By Jessie Lupinetti
By Jessie Lupinetti
I’ve dealt with pain in some form or another almost my entire life. I was abused by my father when I was a child. I witnessed him abuse my mother, my two sisters, and even my dogs. I wasn’t aware that there was help out there. I didn’t know any better. All I could think was “when I’m old enough to leave, I will.” When I was 13 years old, my mother finally had the courage to threaten my dad with divorce, and that’s when the physical abuse stopped. However, he continued to verbally abuse us. He picked apart our bodies and constantly made jokes about our weight, then would turn around and get mad at us for not finishing our food. We lived in a constant state of fear. We all hated him, but we weren’t strong enough to fight back. We all wanted to leave.
When I was 17 years old, I got a job at a jewelry cart at the mall, where I met a guy who my dad hated. So of course, I loved him. He was 21, living at home with his mom. Looking back, he was a total loser. But during that time, he was my way out. Our relationship moved quickly and in less than 6 months, we were living together. My mom begged me not to leave, my dad said “you’ll be back…”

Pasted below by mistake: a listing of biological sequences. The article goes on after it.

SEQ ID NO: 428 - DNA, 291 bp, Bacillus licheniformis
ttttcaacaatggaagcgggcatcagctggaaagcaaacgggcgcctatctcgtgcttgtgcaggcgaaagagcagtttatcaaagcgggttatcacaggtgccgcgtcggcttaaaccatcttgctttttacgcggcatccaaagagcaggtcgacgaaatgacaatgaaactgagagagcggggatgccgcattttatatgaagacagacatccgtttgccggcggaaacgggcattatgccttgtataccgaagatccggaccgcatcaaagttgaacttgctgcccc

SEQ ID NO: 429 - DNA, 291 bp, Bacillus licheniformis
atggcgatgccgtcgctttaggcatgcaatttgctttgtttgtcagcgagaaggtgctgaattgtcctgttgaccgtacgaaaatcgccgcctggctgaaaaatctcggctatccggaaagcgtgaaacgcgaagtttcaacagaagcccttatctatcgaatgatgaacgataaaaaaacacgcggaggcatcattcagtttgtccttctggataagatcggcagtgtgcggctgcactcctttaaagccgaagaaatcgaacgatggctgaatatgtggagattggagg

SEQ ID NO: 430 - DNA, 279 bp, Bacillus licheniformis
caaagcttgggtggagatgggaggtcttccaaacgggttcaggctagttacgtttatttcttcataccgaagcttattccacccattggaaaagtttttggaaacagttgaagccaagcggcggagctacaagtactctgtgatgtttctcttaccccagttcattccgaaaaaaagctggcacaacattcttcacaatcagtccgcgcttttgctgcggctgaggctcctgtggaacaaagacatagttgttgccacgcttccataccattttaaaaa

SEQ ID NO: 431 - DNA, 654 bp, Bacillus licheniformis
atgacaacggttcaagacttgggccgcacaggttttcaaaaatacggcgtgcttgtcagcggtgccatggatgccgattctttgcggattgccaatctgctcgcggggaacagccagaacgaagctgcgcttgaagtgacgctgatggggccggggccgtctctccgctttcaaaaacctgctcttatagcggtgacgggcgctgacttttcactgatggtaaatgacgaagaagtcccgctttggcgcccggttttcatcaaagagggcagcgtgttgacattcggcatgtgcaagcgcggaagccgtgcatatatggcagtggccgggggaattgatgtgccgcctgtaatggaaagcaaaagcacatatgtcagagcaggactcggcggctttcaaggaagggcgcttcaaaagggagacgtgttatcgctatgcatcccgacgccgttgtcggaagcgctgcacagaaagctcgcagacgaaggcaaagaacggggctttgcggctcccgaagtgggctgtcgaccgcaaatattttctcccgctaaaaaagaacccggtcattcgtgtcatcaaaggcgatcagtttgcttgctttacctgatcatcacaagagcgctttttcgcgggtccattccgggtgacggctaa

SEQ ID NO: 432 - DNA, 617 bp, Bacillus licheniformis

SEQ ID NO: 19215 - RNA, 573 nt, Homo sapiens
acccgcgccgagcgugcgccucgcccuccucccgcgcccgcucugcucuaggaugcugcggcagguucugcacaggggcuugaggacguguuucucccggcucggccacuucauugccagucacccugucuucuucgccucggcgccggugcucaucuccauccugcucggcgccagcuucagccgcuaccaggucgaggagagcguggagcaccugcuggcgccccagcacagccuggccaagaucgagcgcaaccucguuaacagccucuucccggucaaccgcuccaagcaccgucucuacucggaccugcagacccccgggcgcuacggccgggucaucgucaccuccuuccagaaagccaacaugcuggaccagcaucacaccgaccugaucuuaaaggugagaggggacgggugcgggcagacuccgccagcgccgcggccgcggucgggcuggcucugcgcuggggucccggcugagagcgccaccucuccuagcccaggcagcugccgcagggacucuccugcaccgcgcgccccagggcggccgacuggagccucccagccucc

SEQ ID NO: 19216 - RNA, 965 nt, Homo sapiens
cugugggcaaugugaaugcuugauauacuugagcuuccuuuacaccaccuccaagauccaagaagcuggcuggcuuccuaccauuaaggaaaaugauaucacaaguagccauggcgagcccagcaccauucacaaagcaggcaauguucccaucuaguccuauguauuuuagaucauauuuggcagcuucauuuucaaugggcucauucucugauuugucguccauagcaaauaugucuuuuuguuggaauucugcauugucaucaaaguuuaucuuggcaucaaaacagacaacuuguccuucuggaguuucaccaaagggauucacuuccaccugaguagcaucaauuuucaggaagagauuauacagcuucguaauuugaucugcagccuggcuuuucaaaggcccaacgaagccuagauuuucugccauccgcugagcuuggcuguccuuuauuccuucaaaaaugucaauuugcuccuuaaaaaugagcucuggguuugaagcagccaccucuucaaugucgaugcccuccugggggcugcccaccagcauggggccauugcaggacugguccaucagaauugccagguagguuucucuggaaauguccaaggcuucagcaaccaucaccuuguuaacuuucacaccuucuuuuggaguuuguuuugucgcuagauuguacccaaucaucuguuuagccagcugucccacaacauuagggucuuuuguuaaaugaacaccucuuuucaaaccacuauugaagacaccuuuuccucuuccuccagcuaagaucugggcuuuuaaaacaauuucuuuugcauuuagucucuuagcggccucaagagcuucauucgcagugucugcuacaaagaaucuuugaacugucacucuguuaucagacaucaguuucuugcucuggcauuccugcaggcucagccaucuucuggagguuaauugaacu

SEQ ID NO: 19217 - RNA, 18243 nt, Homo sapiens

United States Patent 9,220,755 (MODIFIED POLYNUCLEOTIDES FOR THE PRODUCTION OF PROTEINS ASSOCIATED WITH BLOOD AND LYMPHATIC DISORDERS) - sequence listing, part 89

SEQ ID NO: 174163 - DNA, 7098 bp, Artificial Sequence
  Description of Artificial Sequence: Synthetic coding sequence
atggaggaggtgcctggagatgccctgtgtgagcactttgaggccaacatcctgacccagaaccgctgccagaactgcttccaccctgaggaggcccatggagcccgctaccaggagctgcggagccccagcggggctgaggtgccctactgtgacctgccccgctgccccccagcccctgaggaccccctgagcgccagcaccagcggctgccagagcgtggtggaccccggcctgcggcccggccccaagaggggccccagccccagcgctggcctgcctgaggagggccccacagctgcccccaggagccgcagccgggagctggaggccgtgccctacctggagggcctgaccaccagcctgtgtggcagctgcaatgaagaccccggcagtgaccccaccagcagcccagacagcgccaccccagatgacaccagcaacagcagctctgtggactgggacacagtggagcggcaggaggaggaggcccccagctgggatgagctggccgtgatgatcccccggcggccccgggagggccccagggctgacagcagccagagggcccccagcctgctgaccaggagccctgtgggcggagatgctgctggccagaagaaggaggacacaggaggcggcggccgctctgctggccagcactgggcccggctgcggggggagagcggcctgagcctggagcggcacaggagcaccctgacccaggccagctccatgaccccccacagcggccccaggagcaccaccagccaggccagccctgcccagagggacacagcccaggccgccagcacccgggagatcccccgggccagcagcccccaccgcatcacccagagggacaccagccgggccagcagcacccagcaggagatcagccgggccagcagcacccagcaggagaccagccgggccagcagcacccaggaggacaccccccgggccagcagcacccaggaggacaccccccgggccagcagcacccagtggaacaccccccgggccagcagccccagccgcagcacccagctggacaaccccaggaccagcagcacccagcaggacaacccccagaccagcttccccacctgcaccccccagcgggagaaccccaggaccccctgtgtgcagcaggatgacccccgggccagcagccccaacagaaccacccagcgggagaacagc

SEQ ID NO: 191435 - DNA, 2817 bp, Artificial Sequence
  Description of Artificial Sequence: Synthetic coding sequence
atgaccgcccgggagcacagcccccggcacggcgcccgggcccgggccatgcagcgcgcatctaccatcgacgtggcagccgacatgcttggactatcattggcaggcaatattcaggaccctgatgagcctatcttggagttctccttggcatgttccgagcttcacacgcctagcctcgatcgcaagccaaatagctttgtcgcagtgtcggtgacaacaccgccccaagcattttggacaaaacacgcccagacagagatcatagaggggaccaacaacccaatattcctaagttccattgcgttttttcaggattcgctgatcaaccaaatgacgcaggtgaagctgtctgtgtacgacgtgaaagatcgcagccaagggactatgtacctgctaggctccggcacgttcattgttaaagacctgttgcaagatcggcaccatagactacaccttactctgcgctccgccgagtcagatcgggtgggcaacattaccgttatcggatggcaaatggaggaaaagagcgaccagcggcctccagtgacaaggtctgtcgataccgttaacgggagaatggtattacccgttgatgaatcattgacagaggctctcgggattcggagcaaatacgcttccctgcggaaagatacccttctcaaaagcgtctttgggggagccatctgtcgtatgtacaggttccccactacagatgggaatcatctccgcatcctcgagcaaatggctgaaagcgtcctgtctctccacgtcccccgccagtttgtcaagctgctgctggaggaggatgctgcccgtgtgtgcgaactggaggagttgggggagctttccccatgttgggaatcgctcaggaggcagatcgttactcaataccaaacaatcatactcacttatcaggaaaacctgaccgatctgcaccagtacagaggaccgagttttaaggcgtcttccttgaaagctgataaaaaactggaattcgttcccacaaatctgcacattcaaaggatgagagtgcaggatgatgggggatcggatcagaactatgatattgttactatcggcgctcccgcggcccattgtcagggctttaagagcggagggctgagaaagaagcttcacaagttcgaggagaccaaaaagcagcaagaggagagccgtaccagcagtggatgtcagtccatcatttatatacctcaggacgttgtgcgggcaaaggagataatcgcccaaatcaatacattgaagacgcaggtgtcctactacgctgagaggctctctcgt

I was dead set on proving him wrong.
My “dream guy” soon turned into my abuser. He was an alcoholic, and would beat me up almost every other night, sometimes until I was unconscious. He was smart though, he never touched my face or any other part that couldn’t be covered up by a long sleeve shirt or pants.